The ruins at Tynemouth are spectacularly preserved and include a priory and castle, as well as 20th century battlements and gun emplacements. It must have been quite a sight (and quite a site) positioned defiantly on the headland. The remaining ruins give some interesting insight into how defensible a position it was, and how clearly the power of church and state were linked at various times in England’s history.
Warkworth Castle is a pretty interesting site, historically speaking. It’s less of a castle than a very fortified house, but its design is so ingenious and complex that it definitely stands out as something worth learning about. We did the audio tour, and outside of the cheesy re-enactments done by voice actors, it was a great way to learn the historical and engineering story of the place.
Hadrian’s Wall is incredible. This was definitely on Sarah’s list, given her study of Latin and Roman history in school. It’s not hard to see the inspiration for George R R Martin’s Night’s Watch Wall here. In its heyday, it was 15 feet high and ran for more than 100kms, across the continent and was staffed heavily by roman sentries and soldiers, some from as far away as modern Romania. Being there now is a mix of antiquity and rural life, with hikers and wildlife dotting the scenery and stunning ruins along the road. It’s possible to do it by road, cycle or foot, and if we had more time, I definitely would have pushed for a slower road.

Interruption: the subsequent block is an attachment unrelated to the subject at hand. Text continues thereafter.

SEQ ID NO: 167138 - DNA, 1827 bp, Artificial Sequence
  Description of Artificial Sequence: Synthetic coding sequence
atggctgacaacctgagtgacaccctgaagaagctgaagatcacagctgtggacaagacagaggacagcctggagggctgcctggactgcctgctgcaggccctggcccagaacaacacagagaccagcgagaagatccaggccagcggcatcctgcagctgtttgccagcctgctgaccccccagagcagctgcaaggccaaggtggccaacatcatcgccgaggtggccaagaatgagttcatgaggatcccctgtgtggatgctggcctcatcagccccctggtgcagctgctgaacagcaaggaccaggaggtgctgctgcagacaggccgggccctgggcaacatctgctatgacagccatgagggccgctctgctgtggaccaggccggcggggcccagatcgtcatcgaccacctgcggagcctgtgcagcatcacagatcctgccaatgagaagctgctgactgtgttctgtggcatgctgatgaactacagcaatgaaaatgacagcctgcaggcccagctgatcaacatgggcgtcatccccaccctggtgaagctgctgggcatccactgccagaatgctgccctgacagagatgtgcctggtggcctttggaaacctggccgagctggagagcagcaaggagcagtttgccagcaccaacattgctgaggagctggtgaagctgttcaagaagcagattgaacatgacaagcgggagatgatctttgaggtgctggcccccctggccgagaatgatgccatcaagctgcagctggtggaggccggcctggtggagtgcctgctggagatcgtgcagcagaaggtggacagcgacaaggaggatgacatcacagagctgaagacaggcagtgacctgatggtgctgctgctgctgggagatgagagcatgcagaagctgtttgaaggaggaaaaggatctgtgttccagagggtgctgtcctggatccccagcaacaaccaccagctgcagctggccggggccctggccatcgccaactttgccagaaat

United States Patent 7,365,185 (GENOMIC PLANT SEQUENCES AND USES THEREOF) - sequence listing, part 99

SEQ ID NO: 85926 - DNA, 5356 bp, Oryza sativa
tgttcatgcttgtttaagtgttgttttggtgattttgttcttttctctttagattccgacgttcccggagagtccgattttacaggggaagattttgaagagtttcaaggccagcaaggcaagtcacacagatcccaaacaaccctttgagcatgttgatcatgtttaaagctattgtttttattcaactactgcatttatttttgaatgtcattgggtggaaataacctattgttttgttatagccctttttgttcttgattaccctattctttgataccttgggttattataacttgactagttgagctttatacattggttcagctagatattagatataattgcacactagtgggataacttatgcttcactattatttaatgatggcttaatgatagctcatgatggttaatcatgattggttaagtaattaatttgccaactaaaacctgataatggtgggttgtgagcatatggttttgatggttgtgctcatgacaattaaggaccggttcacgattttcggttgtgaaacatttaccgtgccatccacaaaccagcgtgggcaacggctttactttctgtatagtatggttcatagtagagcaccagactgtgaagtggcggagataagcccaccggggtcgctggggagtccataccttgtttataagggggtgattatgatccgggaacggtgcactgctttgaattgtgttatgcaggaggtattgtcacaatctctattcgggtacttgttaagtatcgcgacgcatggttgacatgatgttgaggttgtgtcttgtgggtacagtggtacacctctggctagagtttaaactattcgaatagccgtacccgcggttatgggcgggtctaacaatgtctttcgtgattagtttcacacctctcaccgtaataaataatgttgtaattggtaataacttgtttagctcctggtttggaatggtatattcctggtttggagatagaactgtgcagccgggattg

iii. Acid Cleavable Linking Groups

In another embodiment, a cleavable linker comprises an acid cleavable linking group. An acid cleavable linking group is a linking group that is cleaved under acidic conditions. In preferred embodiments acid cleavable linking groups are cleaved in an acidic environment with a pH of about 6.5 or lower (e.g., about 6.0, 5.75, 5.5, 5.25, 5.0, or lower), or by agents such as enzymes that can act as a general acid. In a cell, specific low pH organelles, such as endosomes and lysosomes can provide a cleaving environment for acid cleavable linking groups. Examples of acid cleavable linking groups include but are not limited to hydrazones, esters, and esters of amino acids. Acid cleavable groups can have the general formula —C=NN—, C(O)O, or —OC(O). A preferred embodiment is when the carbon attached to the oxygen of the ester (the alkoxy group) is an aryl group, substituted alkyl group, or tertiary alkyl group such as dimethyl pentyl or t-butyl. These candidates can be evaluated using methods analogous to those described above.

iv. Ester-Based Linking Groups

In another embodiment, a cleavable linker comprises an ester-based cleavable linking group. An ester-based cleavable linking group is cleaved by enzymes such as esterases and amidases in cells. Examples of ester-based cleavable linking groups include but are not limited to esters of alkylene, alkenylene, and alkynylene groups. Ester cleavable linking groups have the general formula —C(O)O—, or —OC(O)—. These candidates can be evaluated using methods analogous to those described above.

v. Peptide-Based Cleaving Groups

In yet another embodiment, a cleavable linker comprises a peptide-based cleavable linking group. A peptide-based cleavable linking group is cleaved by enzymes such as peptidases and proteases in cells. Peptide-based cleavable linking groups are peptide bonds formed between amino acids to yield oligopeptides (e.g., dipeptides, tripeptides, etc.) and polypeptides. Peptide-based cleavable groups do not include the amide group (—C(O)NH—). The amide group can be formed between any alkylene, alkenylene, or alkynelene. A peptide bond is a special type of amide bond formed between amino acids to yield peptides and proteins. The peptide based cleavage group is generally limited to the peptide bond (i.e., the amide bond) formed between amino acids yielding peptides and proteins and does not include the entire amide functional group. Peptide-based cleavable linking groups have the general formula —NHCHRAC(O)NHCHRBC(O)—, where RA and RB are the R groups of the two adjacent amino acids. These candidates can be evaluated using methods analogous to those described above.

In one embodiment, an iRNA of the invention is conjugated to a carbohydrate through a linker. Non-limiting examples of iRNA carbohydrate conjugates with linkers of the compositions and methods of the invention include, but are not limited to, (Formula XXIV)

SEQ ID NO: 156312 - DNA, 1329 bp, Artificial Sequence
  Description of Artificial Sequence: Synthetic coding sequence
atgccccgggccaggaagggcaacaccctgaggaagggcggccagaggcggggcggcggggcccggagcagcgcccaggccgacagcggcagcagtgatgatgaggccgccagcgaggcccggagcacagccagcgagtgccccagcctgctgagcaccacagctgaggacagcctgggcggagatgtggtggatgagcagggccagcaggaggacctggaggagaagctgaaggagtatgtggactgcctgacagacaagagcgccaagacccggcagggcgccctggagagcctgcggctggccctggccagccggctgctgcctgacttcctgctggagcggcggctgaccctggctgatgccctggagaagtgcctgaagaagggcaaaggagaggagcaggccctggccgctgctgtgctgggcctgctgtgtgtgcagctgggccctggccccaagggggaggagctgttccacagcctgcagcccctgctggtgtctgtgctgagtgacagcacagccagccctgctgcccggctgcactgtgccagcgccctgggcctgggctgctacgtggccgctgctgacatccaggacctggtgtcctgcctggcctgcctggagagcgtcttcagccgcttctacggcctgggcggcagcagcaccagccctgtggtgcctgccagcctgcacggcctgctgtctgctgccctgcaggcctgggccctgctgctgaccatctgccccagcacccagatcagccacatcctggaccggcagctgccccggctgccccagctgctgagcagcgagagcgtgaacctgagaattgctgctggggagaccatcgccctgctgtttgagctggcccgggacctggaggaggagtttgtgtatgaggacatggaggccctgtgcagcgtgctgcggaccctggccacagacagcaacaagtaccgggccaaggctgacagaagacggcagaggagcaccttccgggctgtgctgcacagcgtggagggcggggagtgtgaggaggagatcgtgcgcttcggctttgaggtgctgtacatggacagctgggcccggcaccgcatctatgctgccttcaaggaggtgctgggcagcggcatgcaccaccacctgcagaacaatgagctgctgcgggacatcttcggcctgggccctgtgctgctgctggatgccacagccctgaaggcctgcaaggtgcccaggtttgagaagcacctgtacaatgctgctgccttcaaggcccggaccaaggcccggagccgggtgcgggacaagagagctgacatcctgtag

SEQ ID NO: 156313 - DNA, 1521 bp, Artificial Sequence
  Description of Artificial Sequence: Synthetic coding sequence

Nothing says ‘awkward’ like crashing a christening in your backpacker gear, but that’s very nearly what we did at Lanercost Priory. While the newly minted infant and family used the chapel, we wandered the ruins of this astonishing priory, which once played host to Edward I during his final convalescence in the 1200s. The building is incredibly intact for an outdoor site, with the carvings easily readable despite the assault of the elements. The scones and tea were also fantastic, and recharged us after a morning out in the brisk wind.